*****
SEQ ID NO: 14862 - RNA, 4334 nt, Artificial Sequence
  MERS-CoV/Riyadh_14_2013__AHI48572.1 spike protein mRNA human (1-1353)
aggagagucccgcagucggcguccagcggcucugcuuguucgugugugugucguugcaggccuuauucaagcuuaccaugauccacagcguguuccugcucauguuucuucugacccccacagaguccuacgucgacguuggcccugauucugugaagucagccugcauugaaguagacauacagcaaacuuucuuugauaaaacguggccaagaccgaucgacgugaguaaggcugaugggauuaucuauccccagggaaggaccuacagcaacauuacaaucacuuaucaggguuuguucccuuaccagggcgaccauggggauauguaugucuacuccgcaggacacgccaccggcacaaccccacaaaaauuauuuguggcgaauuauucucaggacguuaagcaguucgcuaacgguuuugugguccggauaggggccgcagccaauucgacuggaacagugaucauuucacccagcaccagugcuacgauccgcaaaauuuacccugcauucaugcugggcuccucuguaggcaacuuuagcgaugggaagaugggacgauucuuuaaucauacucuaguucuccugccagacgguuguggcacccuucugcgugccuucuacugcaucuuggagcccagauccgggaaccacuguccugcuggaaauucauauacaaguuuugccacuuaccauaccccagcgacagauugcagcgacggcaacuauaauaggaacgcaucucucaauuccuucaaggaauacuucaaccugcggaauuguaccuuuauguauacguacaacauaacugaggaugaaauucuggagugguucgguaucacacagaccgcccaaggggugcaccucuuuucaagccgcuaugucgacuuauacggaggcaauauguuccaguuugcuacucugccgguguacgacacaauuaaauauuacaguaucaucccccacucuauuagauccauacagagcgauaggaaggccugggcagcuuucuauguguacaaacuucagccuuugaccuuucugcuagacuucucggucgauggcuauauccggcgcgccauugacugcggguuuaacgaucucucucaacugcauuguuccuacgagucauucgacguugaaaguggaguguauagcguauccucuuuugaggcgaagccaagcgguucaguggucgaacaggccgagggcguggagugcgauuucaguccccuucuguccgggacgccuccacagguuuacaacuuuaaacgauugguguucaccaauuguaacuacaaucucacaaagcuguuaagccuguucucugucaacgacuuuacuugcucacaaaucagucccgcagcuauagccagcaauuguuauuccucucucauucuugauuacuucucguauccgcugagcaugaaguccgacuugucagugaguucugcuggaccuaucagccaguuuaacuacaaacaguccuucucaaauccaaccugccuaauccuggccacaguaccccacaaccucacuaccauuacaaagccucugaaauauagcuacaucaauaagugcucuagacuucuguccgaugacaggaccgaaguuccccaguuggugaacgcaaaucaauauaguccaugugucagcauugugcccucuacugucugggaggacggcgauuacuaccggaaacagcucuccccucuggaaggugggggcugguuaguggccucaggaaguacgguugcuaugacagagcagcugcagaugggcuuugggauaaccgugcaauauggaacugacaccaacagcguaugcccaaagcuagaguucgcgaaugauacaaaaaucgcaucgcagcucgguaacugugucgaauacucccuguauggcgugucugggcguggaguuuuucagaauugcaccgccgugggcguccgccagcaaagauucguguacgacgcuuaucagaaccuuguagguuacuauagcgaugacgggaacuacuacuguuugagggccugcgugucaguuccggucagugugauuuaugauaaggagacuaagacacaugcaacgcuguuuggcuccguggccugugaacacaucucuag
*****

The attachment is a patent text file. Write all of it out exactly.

SEQ ID NO: 14862 - RNA, 4334 nt, Artificial Sequence
  MERS-CoV/Riyadh_14_2013__AHI48572.1 spike protein mRNA human (1-1353)
aggagagucccgcagucggcguccagcggcucugcuuguucgugugugugucguugcaggccuuauucaagcuuaccaugauccacagcguguuccugcucauguuucuucugacccccacagaguccuacgucgacguuggcccugauucugugaagucagccugcauugaaguagacauacagcaaacuuucuuugauaaaacguggccaagaccgaucgacgugaguaaggcugaugggauuaucuauccccagggaaggaccuacagcaacauuacaaucacuuaucaggguuuguucccuuaccagggcgaccauggggauauguaugucuacuccgcaggacacgccaccggcacaaccccacaaaaauuauuuguggcgaauuauucucaggacguuaagcaguucgcuaacgguuuugugguccggauaggggccgcagccaauucgacuggaacagugaucauuucacccagcaccagugcuacgauccgcaaaauuuacccugcauucaugcugggcuccucuguaggcaacuuuagcgaugggaagaugggacgauucuuuaaucauacucuaguucuccugccagacgguuguggcacccuucugcgugccuucuacugcaucuuggagcccagauccgggaaccacuguccugcuggaaauucauauacaaguuuugccacuuaccauaccccagcgacagauugcagcgacggcaacuauaauaggaacgcaucucucaauuccuucaaggaauacuucaaccugcggaauuguaccuuuauguauacguacaacauaacugaggaugaaauucuggagugguucgguaucacacagaccgcccaaggggugcaccucuuuucaagccgcuaugucgacuuauacggaggcaauauguuccaguuugcuacucugccgguguacgacacaauuaaauauuacaguaucaucccccacucuauuagauccauacagagcgauaggaaggccugggcagcuuucuauguguacaaacuucagccuuugaccuuucugcuagacuucucggucgauggcuauauccggcgcgccauugacugcggguuuaacgaucucucucaacugcauuguuccuacgagucauucgacguugaaaguggaguguauagcguauccucuuuugaggcgaagccaagcgguucaguggucgaacaggccgagggcguggagugcgauuucaguccccuucuguccgggacgccuccacagguuuacaacuuuaaacgauugguguucaccaauuguaacuacaaucucacaaagcuguuaagccuguucucugucaacgacuuuacuugcucacaaaucagucccgcagcuauagccagcaauuguuauuccucucucauucuugauuacuucucguauccgcugagcaugaaguccgacuugucagugaguucugcuggaccuaucagccaguuuaacuacaaacaguccuucucaaauccaaccugccuaauccuggccacaguaccccacaaccucacuaccauuacaaagccucugaaauauagcuacaucaauaagugcucuagacuucuguccgaugacaggaccgaaguuccccaguuggugaacgcaaaucaauauaguccaugugucagcauugugcccucuacugucugggaggacggcgauuacuaccggaaacagcucuccccucuggaaggugggggcugguuaguggccucaggaaguacgguugcuaugacagagcagcugcagaugggcuuugggauaaccgugcaauauggaacugacaccaacagcguaugcccaaagcuagaguucgcgaaugauacaaaaaucgcaucgcagcucgguaacugugucgaauacucccuguauggcgugucugggcguggaguuuuucagaauugcaccgccgugggcguccgccagcaaagauucguguacgacgcuuaucagaaccuuguagguuacuauagcgaugacgggaacuacuacuguuugagggccugcgugucaguuccggucagugugauuuaugauaaggagacuaagacacaugcaacgcuguuuggcuccguggccugugaacacaucucuag